Here again, there are many causes:
- Changes in the number, mobility and/or morphology of sperm cells
- Hormonal disorders such as male hormone deficiency
- History of trauma, surgery or infections
- Retrograde ejaculation, varicocele (dilated veins within the testicles)
- Genetic disorders, birth defects…
Some behaviours or lifestyles are also harmful to the occurrence of a pregnancy: Tobacco, excessive alcohol, overweight, few or outside fertile period sexual intercourse, or even simply and unfortunately, being afraid …. of not having a baby!
1 – Recent advances in medically assisted conception ; WHO technicals report series: Geneva 1992
Management: first steps
Medical tests are usually prescribed after a period of 18-24 months of unsuccessful sexual activity for a young couple without any known risk. For older couples, or couples with a history of eventual insufficient fertility, it is recommended to do the tests starting from the 6th month. It specifies the cause or causes of infertility relying, if needed, on additional tests that involve both partners (spermanalysis for men and hormonal examination for women). The outcome of these tests allows drawing a number of therapeutic solutions for the couple. Most of them are medical or surgical. If a major infertility is detected, the couple is referred straightaway to a center for assisted reproduction.
Initial medical treatments
The most frequent treatment of infertility is ovarian stimulation. It consists in stimulating the ovary with hormonal treatments (anti-estrogens or hormones such as FSH, usually secreted to stimulate the ovaries). We therefore obtain a simultaneous development of many follicles, each containing one egg. When the development is deemed satisfactory, ovulation is triggered by an injection. Other treatments (anti-infectives, etc.) are also prescribed according to an individual assessment, sometimes with vitamin supplementation (vitamin B12 and folic acid), notably in women with polycystic ovaries.
In women, it is first of all a surgery of fallopian tubes. We can also remove endometrial lesions, pelvic adherences, polyps… in men, surgery mainly applies in case of atrophy of vas deferens or some important varicocele.
1 – www.procreation-medicale.fr/infertilite/les-causesde-infertilite/
Assisted reproduction or medically assisted procreation (MAP) consists in reproducing part of the natural process of fertilization, in a laboratory. Several techniques exist, each with precise indications. They allow considering serenely having children even in case of infertility.
It consists in collecting and preparing the spouse’s sperm to inject it in the woman’s uterus at the time of ovulation, most often after ovarian stimulation. Fertilization then occurs naturally, inside the woman’s body.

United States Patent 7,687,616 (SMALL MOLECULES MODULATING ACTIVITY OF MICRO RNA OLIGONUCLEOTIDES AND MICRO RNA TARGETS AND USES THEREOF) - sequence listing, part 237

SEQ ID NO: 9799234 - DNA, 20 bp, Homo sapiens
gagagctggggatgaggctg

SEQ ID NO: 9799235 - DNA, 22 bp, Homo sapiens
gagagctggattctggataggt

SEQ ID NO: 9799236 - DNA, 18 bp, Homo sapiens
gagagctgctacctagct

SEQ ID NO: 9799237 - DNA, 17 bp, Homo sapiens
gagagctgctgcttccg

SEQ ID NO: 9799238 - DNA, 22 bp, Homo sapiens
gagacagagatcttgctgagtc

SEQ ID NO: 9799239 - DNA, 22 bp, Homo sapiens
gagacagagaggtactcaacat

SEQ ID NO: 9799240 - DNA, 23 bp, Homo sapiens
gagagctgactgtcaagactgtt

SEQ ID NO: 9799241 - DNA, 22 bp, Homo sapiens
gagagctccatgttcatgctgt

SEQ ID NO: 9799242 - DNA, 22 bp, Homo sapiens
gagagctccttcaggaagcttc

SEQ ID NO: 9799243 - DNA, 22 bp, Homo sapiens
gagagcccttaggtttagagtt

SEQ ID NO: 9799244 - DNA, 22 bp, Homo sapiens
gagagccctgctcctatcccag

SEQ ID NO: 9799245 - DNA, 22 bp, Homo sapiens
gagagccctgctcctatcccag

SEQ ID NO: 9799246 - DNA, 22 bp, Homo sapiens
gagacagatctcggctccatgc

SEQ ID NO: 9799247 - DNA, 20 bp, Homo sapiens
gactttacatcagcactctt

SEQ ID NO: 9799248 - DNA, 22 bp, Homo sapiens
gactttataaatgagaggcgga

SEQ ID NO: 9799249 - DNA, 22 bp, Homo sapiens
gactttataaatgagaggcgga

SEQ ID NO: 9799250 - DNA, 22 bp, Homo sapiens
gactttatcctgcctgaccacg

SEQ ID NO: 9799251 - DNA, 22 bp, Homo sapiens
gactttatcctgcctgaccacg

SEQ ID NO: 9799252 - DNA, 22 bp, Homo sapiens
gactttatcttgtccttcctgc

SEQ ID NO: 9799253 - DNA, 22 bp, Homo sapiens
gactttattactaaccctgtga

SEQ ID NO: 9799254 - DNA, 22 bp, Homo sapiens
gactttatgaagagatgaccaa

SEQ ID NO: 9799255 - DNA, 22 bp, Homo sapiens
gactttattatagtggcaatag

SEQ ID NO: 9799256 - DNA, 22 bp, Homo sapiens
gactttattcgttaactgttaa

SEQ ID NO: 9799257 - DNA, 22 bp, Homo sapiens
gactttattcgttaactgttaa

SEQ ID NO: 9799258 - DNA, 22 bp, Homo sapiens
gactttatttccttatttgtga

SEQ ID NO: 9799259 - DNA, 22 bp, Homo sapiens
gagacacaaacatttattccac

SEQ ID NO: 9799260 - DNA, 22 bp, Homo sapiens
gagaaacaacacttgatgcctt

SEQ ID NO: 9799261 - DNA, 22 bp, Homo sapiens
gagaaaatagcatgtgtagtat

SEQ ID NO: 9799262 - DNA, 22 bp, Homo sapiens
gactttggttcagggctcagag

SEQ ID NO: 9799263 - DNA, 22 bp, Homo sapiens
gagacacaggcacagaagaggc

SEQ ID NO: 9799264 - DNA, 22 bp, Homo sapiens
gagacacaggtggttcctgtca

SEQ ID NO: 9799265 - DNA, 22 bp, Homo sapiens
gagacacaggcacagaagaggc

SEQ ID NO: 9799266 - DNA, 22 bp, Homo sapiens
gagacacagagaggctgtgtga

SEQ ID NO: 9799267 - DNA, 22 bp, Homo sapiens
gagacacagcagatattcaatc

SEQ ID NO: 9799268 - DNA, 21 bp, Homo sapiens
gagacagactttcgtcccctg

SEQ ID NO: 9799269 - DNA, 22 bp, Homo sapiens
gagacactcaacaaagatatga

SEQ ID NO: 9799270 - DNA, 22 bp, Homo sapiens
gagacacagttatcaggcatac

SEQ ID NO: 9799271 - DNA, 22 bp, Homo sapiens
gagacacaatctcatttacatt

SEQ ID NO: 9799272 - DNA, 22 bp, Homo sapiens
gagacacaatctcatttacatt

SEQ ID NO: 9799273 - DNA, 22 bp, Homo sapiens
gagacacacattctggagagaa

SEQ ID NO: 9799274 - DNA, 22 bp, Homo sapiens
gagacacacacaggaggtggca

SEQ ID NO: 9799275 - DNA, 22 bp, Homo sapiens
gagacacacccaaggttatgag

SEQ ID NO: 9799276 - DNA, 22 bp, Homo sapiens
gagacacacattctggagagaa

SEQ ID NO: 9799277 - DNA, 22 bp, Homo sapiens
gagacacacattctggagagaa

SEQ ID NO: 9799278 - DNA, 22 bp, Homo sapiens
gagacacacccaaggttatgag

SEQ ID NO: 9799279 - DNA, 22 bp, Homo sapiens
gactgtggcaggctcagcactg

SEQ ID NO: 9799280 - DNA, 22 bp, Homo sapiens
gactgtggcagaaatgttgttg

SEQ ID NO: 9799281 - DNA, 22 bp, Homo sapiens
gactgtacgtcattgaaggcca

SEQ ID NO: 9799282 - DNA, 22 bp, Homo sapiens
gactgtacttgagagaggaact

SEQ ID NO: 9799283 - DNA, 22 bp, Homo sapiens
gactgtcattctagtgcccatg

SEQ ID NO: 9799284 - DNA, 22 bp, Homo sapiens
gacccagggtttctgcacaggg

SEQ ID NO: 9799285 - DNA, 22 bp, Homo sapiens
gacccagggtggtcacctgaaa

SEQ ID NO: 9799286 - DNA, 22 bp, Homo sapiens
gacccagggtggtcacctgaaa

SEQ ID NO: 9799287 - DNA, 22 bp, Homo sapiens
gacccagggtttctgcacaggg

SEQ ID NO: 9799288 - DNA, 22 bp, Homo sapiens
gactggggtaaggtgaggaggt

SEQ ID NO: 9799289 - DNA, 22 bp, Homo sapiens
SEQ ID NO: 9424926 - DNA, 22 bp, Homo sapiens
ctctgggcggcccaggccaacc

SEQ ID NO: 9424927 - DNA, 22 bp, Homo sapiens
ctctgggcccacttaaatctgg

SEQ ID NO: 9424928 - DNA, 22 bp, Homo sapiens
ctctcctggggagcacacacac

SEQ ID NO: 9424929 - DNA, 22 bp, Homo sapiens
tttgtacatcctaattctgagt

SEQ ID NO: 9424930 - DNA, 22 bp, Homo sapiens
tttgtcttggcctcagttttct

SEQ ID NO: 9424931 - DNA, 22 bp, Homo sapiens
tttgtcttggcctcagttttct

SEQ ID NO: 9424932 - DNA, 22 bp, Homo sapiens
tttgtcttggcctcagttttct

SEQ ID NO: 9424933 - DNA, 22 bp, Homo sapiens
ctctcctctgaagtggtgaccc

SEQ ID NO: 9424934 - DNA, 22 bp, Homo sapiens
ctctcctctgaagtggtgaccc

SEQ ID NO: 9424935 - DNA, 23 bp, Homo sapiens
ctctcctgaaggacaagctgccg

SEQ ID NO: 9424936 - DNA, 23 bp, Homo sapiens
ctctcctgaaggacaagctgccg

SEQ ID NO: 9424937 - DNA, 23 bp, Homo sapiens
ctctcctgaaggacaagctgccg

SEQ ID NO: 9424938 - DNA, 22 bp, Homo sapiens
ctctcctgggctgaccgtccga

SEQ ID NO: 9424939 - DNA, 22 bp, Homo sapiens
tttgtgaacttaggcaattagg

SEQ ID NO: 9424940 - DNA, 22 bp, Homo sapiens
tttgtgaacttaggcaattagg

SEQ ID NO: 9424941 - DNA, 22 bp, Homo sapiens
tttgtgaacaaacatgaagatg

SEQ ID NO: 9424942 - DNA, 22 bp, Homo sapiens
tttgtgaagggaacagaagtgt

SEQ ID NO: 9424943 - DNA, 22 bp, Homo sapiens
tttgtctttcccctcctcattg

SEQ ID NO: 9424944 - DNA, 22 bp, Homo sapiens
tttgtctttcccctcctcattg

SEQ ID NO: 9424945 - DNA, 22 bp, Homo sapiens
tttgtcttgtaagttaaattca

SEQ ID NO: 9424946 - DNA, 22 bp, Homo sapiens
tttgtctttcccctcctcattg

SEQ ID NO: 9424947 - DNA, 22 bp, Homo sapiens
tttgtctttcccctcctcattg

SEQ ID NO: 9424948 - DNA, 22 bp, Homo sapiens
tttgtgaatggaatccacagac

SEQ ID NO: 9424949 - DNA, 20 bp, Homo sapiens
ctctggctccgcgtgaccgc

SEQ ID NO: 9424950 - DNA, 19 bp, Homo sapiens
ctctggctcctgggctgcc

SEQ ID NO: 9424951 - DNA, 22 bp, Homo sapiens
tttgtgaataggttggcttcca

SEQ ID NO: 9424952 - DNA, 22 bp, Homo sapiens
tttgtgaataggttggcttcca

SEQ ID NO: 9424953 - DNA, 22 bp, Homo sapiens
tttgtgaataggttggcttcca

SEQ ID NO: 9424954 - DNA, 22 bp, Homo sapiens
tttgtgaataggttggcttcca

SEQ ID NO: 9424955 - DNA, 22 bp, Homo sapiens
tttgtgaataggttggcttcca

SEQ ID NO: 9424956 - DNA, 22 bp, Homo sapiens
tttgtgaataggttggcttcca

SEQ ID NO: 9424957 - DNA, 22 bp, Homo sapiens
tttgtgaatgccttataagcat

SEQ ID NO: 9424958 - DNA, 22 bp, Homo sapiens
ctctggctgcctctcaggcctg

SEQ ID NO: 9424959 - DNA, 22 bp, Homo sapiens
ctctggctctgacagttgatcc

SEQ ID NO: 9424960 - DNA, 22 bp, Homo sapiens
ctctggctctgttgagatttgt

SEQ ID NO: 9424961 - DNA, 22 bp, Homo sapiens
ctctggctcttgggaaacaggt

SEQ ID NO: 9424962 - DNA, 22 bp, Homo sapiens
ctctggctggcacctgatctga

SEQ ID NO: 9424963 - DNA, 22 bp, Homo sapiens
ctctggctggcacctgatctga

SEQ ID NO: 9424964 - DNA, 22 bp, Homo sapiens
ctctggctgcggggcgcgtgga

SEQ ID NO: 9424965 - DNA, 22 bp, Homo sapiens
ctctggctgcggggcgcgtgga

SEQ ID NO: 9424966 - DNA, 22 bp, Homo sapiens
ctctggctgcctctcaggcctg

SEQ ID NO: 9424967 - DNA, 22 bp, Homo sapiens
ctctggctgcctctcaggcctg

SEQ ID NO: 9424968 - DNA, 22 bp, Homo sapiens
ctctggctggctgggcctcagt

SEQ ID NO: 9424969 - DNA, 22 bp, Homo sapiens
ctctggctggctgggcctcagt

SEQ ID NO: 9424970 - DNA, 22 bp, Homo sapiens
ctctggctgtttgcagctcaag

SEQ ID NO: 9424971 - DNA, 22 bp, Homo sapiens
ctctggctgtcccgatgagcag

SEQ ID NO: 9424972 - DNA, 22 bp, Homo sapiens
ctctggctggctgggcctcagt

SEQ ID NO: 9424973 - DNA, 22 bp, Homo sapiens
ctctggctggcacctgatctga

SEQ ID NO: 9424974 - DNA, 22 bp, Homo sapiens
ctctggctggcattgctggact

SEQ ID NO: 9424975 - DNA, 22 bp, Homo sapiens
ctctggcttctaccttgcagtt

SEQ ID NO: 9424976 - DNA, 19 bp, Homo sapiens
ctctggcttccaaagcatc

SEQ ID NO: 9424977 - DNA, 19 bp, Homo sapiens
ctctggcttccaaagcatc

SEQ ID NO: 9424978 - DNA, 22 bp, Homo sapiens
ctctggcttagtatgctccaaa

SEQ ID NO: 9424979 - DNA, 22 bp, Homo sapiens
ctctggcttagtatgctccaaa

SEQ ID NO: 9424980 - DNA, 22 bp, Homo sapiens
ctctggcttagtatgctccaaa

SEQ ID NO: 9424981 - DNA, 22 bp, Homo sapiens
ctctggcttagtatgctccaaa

In vitro fertilization (IVF)
Eggs are obtained after important ovarian stimulation (FSH). Eggs are harvested then placed in culture, in contact with the spouse’s sperm cells harvested the same day.
1- Ovarian stimulation and ovarian puncture for oocyte retrieval
2- Putting sperm cells with oocyte for fertilization
3- In vitro development of the embryo
4- Embryo(s) transfer into the uterus
Embryos will then develop for 48 hours or even 5 days (what is called extended culture). They are then transferred into the womb for implantation.
It involves the direct injection of sperm into an egg, instead of waiting for spontaneous fertilization to occur, just like in IVF. The other steps are identical to those of an IVF, from ovarian stimulation until embryo transfer.
Lastly, anonymous donations of embryos or gamete (oocyte and/or sperm) may be a last resort.
Nearly 3% of children are born today this way by MAP in France in 2012 (1).
1 – Agence de biomédecine, Activité d’assistance médicale à la procréation 2012
WHAT IS OSTEOARTHRITIS?
Osteoarthritis is a degenerative chronic condition, a form of rheumatism that progressively destroys the cartilage that covers the bones of some joints. It leads to a handicap with difficulties to move.
Pain usually reveals osteoarthritis, otherwise, it goes unnoticed.
Osteoarthritis mainly affects the joints of the knees, fingers, hips and cervical lumbar spine (1).
It may also affect the spine (cervical, lumbar vertebrae…), ankle, shoulders…
In general, several joints may be affected. We generally use the term generalized osteoarthritis when more than 3 joints are affected.
1 – Richette. Généralités sur l’arthrose : épidémiologie et facteurs de risque. In Elsevier Masson, 2008.
Osteoarthritis is the most common joint disease
Today, osteoarthritis affects nearly 10 million people in France: one French out of 6. It is one of the primary causes of invalidity in developed countries (1) and its frequency increases with age, despite the existence of juvenile forms. With the increase of elderly population and the expected doubling of the number of new cases by 2030; osteoarthritis is considered a true public health challenge.
Beyond the pain, this benign disease causes the loss of freedom of movement in time limiting progressively the mobility of affected joints. In 2005, osteoarthritis represents the second cause of invalidity in France, after cardiovascular diseases (2).